According to the American Foundation for Suicide Prevention, here are the most prevalent risk factors for suicide:

  • Mental disorders, in particular:
    • Depression or bipolar (manic-depressive) disorder
    • Alcohol or substance abuse or dependence
    • Schizophrenia
    • Borderline or antisocial personality disorder
    • Conduct disorder (in youth)
    • Psychotic disorders; psychotic symptoms in the context of any disorder
    • Anxiety disorders
    • Impulsivity and aggression, especially in the context of the above mental disorders
  • Previous suicide attempt
  • Family history of attempted or completed suicide
  • Serious medical condition and/or pain

It is important to bear in mind that the large majority of people with mental disorders or other suicide risk factors do not engage in suicidal behavior.

If someone you know is no longer talking about the future, is selling or giving away possessions for seemingly no reason and is no longer participating in things that he or she used to do, please INTERVENE. Suicidality is a medical emergency! Below are some resources if you or someone you know is feeling like they no longer want to live:

  • Suicide Prevention Hotline: 1-800-273-TALK (8255)
  • —Psychiatric hospital walk-in clinic
  • —Hospital emergency room
  • —Urgent care center/clinic
  • —Call 911

It’s up to the people around us to notice these signs and symptoms because most of the time, a seriously suicidal person will not tell anyone that he or she is feeling this way. Talk about things! Be open! Ask questions without judgment! Let’s save some lives!!

Namaste

My George

When I was first in therapy for anxiety and panic attacks, my therapist gave me an exercise: draw the anxiety. It ended up looking a little like E.T. but with a sour disposition. I named it, “George.”

The purpose of naming the anxiety wasn’t to adopt it permanently into my psyche; it was to have something that was NOT me to “blame” for anxious thoughts, feelings, etc. Though I don’t have panic attacks or much anxiety anymore, I still call George out when negative or illogical thoughts come to mind, causing me distress. This is a technique that I have shared with clients, most with success.

Here’s an example:

Jan works in an office with several other people. Because of her upbringing and low self-esteem, Jan believes that people don’t like her very much. In her quest to feel better about herself, Jan started therapy and named those ugly thoughts, “The Hulk,” because they feel angry and green.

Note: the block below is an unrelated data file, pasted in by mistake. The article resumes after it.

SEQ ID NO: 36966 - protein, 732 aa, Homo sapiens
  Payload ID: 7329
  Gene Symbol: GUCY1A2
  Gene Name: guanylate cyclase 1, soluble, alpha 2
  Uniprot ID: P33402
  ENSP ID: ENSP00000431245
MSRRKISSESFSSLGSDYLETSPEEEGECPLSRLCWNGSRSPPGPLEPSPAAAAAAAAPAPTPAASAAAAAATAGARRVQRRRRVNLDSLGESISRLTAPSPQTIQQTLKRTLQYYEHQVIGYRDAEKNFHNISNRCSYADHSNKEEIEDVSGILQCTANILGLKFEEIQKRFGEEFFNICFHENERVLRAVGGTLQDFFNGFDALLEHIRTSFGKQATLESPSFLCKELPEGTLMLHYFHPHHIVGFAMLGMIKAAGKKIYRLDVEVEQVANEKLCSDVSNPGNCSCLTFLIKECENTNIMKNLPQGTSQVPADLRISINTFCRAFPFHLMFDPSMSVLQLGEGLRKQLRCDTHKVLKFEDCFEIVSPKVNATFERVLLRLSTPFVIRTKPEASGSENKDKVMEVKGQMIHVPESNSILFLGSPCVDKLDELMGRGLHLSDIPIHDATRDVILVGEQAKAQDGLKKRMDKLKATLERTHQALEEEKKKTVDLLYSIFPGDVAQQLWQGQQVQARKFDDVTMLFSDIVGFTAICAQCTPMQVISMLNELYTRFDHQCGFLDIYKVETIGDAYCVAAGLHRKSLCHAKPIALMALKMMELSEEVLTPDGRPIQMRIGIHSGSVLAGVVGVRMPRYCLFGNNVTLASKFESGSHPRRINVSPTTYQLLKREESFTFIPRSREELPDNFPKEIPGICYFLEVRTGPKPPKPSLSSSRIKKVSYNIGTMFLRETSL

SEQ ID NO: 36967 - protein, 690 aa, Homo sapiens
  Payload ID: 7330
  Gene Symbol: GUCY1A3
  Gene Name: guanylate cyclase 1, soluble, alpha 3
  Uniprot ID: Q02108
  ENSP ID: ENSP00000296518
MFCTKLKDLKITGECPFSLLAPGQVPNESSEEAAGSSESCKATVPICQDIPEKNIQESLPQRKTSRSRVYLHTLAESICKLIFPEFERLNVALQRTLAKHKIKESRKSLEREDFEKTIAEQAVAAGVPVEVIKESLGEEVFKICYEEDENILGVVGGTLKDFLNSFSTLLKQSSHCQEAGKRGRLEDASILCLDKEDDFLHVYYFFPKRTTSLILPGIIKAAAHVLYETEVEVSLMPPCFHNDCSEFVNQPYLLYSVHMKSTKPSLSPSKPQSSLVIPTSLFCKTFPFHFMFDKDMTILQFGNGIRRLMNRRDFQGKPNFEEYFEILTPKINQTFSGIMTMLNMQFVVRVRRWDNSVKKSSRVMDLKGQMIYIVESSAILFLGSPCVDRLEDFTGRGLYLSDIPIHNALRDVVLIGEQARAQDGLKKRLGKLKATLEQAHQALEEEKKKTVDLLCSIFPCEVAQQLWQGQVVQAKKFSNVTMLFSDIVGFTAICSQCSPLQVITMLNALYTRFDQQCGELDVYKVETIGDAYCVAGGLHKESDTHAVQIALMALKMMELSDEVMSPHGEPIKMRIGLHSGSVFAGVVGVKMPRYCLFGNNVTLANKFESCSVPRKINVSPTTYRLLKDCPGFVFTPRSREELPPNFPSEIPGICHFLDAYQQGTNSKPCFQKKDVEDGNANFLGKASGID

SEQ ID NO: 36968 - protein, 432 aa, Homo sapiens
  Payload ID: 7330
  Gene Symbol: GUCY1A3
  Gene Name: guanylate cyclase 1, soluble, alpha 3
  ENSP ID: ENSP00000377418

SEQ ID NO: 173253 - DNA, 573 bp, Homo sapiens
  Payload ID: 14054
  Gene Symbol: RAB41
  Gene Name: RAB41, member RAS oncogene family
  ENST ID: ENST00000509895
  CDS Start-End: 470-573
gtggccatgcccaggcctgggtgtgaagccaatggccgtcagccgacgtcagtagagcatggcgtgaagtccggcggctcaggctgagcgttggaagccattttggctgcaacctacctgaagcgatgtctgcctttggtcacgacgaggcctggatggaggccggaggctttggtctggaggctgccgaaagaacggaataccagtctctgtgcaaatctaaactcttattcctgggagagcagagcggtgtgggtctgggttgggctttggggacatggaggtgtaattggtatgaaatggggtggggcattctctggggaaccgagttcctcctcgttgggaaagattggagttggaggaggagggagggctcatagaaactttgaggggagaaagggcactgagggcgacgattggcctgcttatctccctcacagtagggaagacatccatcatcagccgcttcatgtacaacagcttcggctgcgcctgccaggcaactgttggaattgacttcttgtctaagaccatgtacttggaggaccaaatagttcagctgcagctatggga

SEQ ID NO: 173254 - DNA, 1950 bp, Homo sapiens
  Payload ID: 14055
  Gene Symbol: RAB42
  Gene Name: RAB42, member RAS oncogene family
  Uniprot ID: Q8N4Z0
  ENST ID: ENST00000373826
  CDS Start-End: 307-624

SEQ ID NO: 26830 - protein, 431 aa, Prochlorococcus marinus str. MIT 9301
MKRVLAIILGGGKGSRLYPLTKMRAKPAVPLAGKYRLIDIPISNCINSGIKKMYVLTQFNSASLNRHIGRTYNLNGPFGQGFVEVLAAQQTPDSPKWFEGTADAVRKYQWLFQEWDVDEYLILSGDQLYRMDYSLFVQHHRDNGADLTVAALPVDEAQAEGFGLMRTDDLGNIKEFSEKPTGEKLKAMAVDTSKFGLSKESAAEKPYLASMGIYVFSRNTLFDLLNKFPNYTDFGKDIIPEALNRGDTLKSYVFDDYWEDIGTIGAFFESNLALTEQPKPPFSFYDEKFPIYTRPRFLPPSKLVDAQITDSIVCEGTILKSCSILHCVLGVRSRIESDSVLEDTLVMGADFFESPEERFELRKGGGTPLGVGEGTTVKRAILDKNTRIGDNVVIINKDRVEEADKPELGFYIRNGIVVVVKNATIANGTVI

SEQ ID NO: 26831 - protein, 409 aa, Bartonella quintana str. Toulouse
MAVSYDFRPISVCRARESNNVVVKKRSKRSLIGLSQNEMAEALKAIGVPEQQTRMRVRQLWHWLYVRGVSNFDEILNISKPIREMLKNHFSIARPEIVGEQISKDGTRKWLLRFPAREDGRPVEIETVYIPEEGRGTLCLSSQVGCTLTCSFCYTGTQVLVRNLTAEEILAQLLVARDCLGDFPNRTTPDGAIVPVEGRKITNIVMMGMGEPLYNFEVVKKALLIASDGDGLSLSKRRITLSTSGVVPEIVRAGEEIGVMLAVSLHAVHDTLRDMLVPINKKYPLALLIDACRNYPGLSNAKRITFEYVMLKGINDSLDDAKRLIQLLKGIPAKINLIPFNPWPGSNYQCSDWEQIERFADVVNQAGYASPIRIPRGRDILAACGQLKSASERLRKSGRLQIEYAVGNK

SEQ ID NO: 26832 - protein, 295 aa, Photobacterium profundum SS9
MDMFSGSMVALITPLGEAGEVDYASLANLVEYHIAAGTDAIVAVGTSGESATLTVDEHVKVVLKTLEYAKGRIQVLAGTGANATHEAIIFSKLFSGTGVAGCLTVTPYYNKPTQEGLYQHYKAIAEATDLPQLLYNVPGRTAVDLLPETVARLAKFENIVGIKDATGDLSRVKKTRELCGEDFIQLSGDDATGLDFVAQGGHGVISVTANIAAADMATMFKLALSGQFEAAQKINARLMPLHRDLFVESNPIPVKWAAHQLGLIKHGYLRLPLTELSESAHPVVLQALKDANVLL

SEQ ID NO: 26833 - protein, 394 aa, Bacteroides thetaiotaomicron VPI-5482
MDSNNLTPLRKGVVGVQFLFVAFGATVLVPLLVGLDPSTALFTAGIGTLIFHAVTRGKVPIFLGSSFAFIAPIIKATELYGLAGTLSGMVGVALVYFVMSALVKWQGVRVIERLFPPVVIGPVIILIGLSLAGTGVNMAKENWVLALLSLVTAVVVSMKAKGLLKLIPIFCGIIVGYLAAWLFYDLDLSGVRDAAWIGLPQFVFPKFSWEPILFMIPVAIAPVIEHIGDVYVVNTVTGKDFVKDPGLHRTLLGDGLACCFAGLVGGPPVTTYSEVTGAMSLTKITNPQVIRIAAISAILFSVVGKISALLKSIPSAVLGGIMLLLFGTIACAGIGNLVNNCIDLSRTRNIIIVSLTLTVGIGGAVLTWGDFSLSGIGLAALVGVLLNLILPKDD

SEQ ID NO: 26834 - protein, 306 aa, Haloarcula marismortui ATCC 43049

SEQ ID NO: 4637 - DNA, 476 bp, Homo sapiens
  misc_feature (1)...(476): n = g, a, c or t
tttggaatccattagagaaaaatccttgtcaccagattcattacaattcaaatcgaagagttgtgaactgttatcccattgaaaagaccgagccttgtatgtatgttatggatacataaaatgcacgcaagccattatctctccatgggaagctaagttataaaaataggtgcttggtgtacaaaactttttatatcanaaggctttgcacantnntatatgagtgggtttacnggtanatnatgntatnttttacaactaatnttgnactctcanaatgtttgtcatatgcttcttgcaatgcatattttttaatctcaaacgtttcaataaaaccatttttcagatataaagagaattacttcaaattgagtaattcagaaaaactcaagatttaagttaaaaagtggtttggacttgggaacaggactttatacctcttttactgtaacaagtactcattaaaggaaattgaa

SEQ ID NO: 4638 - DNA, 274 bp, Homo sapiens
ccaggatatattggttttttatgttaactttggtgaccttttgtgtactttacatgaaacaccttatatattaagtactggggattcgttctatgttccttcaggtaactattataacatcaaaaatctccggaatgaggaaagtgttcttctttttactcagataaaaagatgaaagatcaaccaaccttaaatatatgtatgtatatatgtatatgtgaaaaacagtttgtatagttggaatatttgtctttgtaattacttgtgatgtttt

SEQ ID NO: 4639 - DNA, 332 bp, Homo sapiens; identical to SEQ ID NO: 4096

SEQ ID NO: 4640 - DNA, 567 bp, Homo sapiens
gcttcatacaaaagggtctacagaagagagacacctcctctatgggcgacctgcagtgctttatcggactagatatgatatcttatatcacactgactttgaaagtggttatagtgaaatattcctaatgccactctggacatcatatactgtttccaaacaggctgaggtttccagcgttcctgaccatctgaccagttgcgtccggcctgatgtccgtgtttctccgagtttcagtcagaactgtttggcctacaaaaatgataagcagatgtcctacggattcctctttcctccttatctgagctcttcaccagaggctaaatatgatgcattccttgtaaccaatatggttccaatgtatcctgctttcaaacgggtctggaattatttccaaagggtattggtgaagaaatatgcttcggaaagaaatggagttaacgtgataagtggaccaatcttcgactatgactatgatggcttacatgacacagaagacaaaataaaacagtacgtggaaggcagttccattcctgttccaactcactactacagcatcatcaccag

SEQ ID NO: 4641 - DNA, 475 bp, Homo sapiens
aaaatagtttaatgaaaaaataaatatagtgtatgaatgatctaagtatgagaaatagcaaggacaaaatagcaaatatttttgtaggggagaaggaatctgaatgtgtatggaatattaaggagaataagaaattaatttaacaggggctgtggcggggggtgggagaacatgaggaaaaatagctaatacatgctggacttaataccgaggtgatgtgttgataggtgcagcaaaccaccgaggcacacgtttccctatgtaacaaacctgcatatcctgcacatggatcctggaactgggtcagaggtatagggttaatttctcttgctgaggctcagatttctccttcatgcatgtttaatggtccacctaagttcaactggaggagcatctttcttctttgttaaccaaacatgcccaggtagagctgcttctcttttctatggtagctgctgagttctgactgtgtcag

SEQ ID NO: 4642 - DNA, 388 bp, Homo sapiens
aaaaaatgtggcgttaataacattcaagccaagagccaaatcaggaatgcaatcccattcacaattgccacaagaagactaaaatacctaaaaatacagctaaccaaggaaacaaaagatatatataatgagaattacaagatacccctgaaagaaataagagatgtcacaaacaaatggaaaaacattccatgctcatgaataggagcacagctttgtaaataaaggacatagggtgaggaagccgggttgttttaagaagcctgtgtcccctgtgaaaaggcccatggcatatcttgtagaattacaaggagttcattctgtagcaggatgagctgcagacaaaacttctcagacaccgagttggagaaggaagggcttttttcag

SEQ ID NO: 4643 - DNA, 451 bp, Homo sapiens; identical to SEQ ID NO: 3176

On her way out to lunch, Jan passed her co-worker in the hall. Jan smiled, but the co-worker’s face did not change from one that looked a bit angry. “Oh no!” Jan thought. “Sheila is mad at me! What did I do?” Recognizing the angry, green feeling of her “Hulk,” Jan started questioning her thought.

“Have I had any interactions with Sheila that would cause anger on her part? No. I haven’t even spoken to her in a few days. Could there be another explanation for Sheila’s mood? Of course! She could be irritated or frustrated with a number of things that have nothing to do with me.”

As Jan focused on these questions, her “Hulk” turned back into mild-mannered Bruce Banner, who is way more manageable than his alter ego.

If you deal with anxiety, depression or just negative thinking, what does your “George” look like? What color, shape and texture is it? What is its name? By having a third party to “blame” for these thoughts, you are living healthier – for you are NOT your thoughts. And your thoughts do not have to direct your behavior. I have taken away George’s power to control me, and I’m much healthier for it!

Namaste’

Summer: A Time of Wonder

Summer is a wonderful time to reflect on the magnificence of being alive. Enjoy reading Mary Oliver’s poem “The Summer Day” below. This week, see what you can discover in the magic of a summer day and savor each moment. If you need a little help, the hummingbird picture above can be the focus of your contemplation.

Hummingbird photo from Maggie.

Hummingbird photo from Maggie.

“The Summer Day”

Who made the world?

Who made the swan, and the black bear?

Who made the grasshopper?

This grasshopper, I mean-

the one who has flung herself out of the grass,

the one who is eating sugar out of my hand,

who is moving her jaws back and forth instead of up and down-

who is gazing around with her enormous and complicated eyes.

Now she lifts her pale forearms and thoroughly washes her face.

Now she snaps her wings open, and floats away.

I don’t know exactly what a prayer is.

I do know how to pay attention, how to fall down

into the grass, how to kneel in the grass,

how to be idle and blessed, how to stroll through the fields,

which is what I have been doing all day.

Tell me, what else should I have done?

Doesn’t everything die at last, and too soon?

Tell me, what is it you plan to do

with your one wild and precious life?

~~Mary Oliver

 

Namaste.